JEFFERSON CITY, Mo. (KMIZ)
Gov. Mike Parson said Wednesday he is expecting a $500 million shortfall in revenue through June 30.
The governor and state leaders held a daily COVID-19 briefing Wednesday afternoon. During the news conference, Parson said coronavirus has seriously affected the state revenue.
The announcement came as the state health department reported at least 1,581 around the state have tested positive for novel coronavirus.
Parson included at least $180 million will be restricted from the 2020 budget to fight COVID-19. The governor said another $315 million in federal funding could be used in the budget shortfall.
You can watch the full daily COVID-19 briefing in the media player below.
Parson said many state departments will be affected by the budget restriction, including the department of higher learning and workforce development, department of transportation, the office of administration, department of natural resources, state education department and department of economics.
Most of the restrictions will come from spending on higher education. Budget documents show the state will withhold more than $77 million from the department, $61 million of which was dedicated to four-year colleges. Another $11 million will come from spending for community colleges.
Shortly after the briefing, UM System President Mun Choi released a statement saying the withholdings to the University of Missouri will total approximately $36.5 million.
“We appreciate everything that our elected officials are doing during this unprecedented time,” Choi said. “The state is working hard to prioritize its resources, and we must all work together to get past this crisis. The UM System and all four of our universities are also taking thoughtful but necessary actions and remain focused on achieving our mission for student success, research and engagement with the State of Missouri and beyond."
MU spokesman Christian Basi said it was still too early to tell how it would directly affect the Columbia campus. The school last week announced short-term spending limits, such as limited hiring and passing on merit raises for the year.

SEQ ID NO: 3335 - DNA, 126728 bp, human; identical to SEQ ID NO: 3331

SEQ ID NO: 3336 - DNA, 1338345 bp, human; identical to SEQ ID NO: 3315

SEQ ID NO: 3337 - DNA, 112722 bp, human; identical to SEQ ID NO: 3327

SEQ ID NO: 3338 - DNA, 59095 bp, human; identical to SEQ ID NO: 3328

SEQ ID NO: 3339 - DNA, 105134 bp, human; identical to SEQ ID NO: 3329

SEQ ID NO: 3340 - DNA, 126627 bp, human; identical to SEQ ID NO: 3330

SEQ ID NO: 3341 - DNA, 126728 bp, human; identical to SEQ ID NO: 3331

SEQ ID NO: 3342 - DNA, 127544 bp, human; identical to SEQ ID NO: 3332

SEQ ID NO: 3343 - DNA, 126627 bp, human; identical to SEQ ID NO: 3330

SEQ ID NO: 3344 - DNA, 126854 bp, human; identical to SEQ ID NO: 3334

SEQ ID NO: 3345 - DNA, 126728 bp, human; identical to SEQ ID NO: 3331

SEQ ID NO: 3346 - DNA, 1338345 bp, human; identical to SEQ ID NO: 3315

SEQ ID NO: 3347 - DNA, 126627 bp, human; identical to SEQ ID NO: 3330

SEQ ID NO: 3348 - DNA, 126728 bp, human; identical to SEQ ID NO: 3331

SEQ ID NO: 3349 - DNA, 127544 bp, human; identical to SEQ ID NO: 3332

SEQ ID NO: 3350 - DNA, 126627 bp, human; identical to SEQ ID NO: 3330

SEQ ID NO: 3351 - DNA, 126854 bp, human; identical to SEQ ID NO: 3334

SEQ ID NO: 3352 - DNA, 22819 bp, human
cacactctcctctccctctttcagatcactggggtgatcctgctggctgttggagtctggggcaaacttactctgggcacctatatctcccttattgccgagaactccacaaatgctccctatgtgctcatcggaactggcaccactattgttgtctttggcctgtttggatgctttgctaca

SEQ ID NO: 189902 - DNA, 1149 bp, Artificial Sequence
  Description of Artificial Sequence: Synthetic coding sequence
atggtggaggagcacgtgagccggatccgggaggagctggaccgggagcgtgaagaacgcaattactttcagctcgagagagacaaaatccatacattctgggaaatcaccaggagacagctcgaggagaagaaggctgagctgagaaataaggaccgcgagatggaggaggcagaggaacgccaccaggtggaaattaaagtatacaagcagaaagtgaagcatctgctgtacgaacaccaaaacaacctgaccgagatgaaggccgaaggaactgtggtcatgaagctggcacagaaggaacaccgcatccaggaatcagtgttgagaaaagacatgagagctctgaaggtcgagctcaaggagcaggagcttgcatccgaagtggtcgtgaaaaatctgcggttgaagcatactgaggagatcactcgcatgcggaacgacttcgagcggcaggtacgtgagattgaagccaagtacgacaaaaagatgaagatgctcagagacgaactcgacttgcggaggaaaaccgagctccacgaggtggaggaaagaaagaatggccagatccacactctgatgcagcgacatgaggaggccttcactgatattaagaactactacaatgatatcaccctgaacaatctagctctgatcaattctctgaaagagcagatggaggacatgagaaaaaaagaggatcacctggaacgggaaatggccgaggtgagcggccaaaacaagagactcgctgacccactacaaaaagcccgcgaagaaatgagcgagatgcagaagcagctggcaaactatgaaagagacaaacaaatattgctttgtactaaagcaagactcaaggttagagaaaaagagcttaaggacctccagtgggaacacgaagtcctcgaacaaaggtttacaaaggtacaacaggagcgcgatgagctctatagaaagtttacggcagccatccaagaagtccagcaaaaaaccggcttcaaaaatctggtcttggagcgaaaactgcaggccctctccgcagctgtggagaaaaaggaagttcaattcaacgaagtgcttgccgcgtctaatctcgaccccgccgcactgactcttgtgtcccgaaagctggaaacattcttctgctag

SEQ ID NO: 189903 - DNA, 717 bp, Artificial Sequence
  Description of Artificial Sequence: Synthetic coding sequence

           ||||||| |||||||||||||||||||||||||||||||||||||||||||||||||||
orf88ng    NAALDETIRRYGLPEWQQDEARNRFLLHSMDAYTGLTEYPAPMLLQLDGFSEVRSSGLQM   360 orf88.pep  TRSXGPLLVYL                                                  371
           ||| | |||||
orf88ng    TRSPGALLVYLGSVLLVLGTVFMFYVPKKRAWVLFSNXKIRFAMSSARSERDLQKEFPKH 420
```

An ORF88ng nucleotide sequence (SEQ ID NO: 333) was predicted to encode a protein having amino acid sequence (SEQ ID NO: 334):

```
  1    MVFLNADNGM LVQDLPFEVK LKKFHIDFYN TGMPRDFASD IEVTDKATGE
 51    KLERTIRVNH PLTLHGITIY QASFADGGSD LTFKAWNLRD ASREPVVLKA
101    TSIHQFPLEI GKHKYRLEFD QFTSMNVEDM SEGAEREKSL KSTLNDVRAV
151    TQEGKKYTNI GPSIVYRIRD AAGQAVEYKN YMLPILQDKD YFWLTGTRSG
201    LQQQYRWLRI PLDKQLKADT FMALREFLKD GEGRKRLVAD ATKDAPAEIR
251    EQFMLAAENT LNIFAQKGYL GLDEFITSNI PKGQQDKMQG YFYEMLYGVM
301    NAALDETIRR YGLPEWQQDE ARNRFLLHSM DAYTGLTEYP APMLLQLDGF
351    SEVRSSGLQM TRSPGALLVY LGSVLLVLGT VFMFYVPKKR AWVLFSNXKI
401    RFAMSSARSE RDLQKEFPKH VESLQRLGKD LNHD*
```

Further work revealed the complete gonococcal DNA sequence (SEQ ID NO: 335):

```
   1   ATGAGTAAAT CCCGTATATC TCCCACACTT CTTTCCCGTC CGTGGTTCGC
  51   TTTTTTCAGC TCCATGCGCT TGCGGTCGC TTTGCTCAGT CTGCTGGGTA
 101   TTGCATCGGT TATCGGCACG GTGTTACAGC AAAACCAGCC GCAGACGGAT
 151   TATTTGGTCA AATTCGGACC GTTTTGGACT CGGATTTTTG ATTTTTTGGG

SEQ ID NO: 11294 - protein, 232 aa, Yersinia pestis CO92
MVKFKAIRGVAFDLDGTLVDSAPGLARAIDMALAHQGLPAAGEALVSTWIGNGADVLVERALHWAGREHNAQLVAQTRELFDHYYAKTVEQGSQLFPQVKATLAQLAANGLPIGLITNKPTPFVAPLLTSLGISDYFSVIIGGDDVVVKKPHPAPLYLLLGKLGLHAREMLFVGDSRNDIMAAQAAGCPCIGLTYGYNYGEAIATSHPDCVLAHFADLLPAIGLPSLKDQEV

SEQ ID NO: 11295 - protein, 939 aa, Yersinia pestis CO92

"There are a lot of pieces that we need to put together in the puzzle first before we have a completely clear picture, but we do expect to be able to make those decisions in the coming days and weeks," Basi said.
State Budget Director Dan Haug said the budget restriction was proactive.
"We are seeing unprecedented drops in revenue from the significant reduction of economic activity from people staying home," Haug said.
Rep. Kip Kendrick (D-Columbia), the highest-ranking Democrat on the House of Representative's Budget Committee, said he was not surprised to see a major part of the withholding come from higher education.
"In times of withholds, higher ed is usually one of the first places executives go in making that decision," Kendrick said. "I don't agree with it, but it's been a consistent theme at this point."
Kendrick said he expected the state to approve a supplement to this year's budget by next Wednesday. The Missouri Senate could take action on Tuesday to add amendments to the budget involving federal dollars sent in the Families First Coronavirus Response Act passed by Congress.
Kendrick said the loss of sales tax, income tax and corporate tax revenue all play a part in the potential half-billion dollar shortfall. The greatest hit, Kendrick said, could come from the delay of the tax deadline to July 15. Kendrick estimated that could lead to a loss of $40 million for the budget year, and create issues for next budget year.
Kendrick said the state is still waiting for guidance from the Treasury Department on how money in the most recent stimulus, the CARES Act, can be spent by states.
"Those federal dollars are going to be critical to helping us with the budgeting process moving forward," Kendrick said.